Taking a guess based on the Subject, check the Windows XP Security Event Viewer Log. An Audit Policy may be configured using the Group Policy editor to track logon success and failures: From the Start | Run command window type gpedit.msc. Navigate to Local Computer Policy | Computer Configuration | Windows Settings | Security Settings | Local Policies | Audit Policy | Audit logon events. Highlight and right-click and select properties. Configure as desired.

Note that logging in without a password is logged as a failure. This results in the security log filling up very fast if you log failures and have a user without a password. The result is you can not login normally. Also note, not having a password is a potential and probable security risk.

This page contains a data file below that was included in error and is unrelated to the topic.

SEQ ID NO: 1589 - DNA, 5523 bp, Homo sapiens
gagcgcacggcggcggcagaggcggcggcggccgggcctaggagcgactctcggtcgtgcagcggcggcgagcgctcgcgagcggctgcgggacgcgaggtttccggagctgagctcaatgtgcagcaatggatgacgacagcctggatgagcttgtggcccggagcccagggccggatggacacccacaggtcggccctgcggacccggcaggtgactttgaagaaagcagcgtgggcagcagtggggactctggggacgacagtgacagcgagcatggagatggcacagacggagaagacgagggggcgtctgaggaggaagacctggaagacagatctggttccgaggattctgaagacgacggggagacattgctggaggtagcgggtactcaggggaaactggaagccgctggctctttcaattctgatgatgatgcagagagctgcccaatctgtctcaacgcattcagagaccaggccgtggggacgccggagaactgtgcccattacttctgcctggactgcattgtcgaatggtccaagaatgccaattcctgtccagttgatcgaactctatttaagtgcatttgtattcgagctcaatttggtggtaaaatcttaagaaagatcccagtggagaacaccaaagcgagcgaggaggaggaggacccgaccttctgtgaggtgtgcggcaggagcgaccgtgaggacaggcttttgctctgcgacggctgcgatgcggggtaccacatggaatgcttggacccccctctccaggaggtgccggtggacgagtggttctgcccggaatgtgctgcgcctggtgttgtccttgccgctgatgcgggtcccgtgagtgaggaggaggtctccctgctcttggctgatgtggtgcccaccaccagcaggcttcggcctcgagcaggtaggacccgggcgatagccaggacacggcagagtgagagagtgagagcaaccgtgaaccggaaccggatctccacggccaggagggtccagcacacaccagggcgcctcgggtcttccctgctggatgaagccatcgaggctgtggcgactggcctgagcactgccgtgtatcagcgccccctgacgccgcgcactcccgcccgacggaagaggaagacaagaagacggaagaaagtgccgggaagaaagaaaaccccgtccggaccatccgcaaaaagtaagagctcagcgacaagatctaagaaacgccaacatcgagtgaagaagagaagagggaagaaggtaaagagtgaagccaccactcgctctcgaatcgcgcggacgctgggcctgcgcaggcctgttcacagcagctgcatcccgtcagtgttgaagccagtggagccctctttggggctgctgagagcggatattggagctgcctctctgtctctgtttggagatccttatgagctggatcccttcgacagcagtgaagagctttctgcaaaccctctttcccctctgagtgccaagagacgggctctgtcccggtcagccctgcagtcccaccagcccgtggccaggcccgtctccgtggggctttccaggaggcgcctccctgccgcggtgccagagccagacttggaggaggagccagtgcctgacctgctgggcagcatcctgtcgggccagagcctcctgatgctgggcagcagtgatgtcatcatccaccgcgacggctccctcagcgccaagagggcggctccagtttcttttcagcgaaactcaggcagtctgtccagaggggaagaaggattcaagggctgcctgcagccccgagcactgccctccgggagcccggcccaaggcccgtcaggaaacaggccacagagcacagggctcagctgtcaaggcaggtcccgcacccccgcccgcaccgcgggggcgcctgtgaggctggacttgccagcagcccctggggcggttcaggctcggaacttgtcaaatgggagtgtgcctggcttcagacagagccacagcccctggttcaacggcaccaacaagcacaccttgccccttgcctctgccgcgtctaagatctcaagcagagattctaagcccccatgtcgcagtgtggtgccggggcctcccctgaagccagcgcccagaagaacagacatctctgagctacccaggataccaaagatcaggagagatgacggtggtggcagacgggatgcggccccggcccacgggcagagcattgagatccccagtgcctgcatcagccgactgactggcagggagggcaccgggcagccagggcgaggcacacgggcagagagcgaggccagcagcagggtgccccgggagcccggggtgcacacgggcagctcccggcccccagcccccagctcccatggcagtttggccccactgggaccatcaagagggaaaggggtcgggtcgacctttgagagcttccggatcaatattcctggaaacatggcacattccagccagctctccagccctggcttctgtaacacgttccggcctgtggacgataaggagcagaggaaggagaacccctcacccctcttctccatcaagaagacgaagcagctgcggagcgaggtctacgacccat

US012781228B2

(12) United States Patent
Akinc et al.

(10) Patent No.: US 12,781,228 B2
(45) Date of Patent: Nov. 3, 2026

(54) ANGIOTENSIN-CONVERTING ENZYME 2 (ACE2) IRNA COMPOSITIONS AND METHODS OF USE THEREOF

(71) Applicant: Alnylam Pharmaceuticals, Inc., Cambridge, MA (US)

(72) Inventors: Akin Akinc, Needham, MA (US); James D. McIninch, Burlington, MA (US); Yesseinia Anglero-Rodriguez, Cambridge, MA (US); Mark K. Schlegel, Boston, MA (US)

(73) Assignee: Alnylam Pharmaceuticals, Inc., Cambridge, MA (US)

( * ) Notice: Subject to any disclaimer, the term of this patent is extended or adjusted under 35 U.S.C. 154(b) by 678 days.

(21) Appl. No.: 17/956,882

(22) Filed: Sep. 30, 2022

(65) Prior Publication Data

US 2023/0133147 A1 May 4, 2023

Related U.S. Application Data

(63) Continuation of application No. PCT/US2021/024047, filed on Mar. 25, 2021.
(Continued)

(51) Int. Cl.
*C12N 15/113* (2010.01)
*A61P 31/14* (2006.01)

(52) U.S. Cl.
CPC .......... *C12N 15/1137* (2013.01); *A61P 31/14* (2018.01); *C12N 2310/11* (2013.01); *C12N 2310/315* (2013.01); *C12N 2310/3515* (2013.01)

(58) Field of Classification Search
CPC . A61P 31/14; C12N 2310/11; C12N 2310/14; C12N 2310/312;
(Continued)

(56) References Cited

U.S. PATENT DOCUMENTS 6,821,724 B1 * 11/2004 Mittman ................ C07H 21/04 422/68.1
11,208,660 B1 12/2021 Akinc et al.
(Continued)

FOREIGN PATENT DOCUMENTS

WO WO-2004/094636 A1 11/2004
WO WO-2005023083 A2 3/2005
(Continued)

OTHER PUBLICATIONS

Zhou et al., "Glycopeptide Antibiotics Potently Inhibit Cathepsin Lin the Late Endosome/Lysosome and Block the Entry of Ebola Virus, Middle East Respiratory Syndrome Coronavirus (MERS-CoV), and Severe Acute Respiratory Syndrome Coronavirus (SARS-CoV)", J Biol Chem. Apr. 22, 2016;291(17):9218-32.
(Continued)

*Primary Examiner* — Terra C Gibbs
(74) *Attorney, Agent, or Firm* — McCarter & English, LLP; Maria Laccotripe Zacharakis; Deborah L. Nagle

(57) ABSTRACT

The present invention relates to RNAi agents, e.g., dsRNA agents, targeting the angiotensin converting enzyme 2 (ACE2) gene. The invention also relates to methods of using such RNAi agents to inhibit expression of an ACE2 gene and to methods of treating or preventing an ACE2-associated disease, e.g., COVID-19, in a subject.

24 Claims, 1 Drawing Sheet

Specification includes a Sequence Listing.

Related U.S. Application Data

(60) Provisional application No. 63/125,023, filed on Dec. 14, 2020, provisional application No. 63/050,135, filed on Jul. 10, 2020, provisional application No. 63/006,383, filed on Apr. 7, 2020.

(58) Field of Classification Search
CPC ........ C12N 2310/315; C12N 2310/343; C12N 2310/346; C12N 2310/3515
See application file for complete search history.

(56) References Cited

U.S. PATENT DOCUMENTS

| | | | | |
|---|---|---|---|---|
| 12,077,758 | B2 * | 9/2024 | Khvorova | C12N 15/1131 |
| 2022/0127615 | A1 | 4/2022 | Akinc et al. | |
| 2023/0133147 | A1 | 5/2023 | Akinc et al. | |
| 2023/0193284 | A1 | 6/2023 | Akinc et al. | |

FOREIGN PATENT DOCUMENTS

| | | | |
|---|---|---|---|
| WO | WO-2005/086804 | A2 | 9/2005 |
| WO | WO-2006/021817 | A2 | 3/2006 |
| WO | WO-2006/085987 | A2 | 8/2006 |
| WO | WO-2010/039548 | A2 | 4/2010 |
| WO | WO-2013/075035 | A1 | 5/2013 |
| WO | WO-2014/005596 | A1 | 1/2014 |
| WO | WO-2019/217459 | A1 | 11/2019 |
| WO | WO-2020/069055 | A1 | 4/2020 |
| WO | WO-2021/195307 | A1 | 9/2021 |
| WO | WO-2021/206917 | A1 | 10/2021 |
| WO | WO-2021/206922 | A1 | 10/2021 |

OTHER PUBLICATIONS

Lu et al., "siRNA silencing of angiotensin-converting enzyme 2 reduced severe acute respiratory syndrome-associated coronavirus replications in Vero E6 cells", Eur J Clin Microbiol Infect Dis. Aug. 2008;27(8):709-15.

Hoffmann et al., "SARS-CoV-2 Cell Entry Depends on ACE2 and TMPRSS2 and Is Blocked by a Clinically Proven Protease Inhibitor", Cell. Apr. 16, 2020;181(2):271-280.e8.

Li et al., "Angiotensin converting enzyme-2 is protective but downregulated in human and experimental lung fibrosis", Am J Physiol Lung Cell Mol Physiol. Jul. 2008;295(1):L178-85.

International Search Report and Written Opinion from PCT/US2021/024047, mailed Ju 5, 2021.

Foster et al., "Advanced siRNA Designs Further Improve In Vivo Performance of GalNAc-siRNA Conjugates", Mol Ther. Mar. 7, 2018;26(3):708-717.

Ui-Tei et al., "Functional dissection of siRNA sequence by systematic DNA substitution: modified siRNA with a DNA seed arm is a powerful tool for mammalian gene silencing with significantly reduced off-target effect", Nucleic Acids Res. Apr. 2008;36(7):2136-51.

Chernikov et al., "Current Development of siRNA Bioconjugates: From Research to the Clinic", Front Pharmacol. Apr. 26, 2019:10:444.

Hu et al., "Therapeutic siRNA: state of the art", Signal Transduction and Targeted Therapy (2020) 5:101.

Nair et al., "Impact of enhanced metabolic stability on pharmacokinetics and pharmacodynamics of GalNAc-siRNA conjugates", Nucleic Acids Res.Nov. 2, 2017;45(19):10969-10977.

The event log can be viewed by going to Start | Control Panel | Performance and Maintenance | Administrative Tools and click on Event Viewer.

The Event Log (Security) noting a successful logon and logoff by a remote user. The user can highlight a log entry and right-click to view the event Properties for detailed information.

Look in the Security Event Log for a Logon/Logoff Event 528 and Logon Type 10.

The free Microsoft Port Reporter tool provides for additional logging. Description of the Port Reporter Parser (PR-Parser) tool;en-us;884289

Availability and description of the Port Reporter tool

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In secpol.msc open Local Policies | Security Options set Network security: Restrict NTLM: Incoming NTLM traffic to Deny all accounts. This cannot be used with NLA but works with SSL (the SSL info icon on the topbar of mstsc.exe client confirms server identity) and sucessfully records source network address in failed Event ID 4625 in the audit log.